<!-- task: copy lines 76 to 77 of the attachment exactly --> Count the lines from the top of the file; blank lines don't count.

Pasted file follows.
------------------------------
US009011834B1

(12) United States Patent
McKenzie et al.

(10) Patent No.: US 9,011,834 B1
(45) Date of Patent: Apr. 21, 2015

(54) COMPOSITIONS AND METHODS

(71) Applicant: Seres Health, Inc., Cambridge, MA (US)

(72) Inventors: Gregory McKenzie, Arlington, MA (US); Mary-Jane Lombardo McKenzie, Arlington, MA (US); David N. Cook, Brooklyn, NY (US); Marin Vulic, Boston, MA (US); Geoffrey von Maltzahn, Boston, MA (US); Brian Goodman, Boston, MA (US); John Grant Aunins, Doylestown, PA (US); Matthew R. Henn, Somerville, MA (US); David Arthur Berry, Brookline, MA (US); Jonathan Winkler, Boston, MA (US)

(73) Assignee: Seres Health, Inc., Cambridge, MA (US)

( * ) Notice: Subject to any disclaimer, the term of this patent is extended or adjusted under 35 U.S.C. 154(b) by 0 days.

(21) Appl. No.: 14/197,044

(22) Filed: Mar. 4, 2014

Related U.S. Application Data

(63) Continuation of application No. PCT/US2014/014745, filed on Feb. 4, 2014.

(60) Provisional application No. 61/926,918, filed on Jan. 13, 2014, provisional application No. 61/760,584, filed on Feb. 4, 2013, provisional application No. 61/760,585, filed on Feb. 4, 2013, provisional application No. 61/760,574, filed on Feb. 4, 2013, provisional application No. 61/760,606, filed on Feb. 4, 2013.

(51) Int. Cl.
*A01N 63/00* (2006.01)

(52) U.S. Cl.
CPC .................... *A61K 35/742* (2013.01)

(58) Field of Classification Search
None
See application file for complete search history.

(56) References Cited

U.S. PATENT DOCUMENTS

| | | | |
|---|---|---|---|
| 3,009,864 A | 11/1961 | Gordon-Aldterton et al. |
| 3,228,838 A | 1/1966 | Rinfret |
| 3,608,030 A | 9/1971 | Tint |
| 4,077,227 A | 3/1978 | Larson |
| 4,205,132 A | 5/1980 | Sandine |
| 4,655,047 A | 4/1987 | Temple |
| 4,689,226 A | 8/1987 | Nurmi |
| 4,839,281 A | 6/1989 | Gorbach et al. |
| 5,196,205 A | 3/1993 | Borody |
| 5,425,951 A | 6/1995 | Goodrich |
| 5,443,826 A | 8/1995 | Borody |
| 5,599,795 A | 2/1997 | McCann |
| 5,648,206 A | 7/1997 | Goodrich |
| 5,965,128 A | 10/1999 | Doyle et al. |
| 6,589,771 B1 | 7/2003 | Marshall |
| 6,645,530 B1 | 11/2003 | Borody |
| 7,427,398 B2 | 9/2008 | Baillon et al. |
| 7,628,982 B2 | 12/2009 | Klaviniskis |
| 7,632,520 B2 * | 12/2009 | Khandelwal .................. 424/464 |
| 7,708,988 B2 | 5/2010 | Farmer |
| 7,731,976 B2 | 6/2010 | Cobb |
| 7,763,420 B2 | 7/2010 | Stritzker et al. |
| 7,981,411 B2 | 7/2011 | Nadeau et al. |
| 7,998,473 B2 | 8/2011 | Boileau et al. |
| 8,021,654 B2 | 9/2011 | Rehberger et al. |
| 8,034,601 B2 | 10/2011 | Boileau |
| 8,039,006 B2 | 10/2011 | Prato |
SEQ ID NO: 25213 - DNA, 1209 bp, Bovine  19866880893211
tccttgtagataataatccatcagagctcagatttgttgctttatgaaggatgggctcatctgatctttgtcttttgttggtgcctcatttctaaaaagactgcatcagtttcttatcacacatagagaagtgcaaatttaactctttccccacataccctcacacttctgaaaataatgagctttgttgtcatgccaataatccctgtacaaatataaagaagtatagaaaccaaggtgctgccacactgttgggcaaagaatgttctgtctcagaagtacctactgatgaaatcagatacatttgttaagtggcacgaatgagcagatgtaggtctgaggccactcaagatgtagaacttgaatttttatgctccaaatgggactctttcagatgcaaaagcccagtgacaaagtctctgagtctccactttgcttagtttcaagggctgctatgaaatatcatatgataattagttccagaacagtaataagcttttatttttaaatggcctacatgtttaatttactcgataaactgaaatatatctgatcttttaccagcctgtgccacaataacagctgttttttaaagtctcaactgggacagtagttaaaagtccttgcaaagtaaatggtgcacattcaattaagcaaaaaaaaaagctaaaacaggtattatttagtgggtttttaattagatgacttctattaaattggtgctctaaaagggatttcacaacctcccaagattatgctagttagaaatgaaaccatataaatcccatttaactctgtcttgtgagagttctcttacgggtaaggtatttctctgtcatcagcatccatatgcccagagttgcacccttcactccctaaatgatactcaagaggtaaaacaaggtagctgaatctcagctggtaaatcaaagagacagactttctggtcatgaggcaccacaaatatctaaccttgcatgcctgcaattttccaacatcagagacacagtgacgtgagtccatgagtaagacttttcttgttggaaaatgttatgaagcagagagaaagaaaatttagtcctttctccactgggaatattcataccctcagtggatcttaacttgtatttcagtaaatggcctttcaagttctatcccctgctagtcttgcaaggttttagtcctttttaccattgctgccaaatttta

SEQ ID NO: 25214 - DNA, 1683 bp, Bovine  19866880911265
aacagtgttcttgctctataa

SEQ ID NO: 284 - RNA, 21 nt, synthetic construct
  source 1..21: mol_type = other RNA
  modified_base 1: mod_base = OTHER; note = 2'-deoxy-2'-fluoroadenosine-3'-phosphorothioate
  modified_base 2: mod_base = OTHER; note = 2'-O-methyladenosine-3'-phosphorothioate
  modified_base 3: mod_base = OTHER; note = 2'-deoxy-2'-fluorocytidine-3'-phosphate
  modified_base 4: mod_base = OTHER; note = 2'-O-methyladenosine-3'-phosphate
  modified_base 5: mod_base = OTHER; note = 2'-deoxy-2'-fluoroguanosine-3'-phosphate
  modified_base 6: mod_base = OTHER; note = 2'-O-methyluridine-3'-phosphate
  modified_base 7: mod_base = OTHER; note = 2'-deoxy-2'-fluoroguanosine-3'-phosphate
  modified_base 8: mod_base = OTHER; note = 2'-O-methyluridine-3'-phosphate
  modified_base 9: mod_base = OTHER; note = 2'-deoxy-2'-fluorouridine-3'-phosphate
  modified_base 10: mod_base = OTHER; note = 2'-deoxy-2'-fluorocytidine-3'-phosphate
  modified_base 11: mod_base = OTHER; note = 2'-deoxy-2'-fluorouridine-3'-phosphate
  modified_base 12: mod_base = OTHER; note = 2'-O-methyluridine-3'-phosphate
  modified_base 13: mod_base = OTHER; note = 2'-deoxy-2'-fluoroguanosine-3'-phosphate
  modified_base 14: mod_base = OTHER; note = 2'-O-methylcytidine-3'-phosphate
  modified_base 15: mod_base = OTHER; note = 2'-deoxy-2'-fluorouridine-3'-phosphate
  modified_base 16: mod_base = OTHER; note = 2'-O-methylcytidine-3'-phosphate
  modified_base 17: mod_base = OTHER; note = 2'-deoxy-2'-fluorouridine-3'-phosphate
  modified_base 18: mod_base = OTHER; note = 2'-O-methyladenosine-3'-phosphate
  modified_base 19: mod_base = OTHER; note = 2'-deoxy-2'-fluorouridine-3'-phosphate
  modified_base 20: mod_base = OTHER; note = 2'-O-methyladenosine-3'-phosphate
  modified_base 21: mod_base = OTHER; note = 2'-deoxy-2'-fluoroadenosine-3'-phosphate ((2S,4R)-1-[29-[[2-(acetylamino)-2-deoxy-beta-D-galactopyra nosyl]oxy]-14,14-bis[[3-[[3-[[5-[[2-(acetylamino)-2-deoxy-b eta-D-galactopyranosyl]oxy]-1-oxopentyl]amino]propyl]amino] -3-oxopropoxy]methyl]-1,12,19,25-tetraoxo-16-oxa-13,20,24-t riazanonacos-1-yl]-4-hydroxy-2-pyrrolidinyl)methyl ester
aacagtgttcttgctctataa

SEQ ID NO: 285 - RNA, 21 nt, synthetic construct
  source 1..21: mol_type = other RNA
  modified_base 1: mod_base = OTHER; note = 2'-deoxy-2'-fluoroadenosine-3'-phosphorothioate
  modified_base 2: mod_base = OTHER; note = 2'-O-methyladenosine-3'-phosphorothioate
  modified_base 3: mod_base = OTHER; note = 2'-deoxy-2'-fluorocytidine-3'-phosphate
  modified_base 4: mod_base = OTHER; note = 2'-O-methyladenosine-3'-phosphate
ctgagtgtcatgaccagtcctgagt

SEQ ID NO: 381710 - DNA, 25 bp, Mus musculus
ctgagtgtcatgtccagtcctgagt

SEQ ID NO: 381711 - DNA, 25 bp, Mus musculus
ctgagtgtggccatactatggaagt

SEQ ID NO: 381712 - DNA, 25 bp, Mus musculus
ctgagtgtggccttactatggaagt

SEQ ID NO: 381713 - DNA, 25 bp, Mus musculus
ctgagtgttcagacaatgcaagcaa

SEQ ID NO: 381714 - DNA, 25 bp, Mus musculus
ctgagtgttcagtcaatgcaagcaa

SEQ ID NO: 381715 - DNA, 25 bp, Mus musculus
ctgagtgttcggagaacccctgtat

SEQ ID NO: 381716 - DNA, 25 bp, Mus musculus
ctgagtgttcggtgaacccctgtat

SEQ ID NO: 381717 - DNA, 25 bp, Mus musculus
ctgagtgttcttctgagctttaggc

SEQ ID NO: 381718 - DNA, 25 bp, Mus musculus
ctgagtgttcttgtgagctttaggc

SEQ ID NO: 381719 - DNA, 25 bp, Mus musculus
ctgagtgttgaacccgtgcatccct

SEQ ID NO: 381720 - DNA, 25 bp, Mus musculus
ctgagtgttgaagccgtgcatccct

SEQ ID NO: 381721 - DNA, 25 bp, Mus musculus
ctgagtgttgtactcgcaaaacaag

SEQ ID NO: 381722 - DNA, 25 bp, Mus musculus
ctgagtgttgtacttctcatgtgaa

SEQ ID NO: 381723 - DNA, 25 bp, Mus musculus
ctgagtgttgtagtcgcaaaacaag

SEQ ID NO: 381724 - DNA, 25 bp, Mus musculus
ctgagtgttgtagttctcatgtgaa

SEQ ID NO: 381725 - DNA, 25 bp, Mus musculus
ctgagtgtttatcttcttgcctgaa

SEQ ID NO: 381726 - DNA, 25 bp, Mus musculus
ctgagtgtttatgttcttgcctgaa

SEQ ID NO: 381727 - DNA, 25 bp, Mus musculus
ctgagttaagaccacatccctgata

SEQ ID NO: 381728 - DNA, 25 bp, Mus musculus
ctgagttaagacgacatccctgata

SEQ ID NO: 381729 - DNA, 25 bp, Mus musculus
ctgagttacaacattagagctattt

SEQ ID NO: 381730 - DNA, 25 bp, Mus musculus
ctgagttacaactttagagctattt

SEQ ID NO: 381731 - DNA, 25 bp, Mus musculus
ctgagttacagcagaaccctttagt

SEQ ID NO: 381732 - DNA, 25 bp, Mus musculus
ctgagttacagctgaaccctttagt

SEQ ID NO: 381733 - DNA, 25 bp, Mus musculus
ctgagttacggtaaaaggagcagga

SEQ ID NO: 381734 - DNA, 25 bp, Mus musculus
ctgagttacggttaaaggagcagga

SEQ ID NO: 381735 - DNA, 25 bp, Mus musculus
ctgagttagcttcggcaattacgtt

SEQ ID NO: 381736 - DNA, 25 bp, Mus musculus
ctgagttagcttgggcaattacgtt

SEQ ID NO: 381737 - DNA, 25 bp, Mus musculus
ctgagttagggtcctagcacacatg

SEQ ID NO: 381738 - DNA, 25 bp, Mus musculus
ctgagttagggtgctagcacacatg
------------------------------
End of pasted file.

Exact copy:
  modified_base 17: mod_base = OTHER; note = 2'-deoxy-2'-fluorouridine-3'-phosphate
  modified_base 18: mod_base = OTHER; note = 2'-O-methyladenosine-3'-phosphate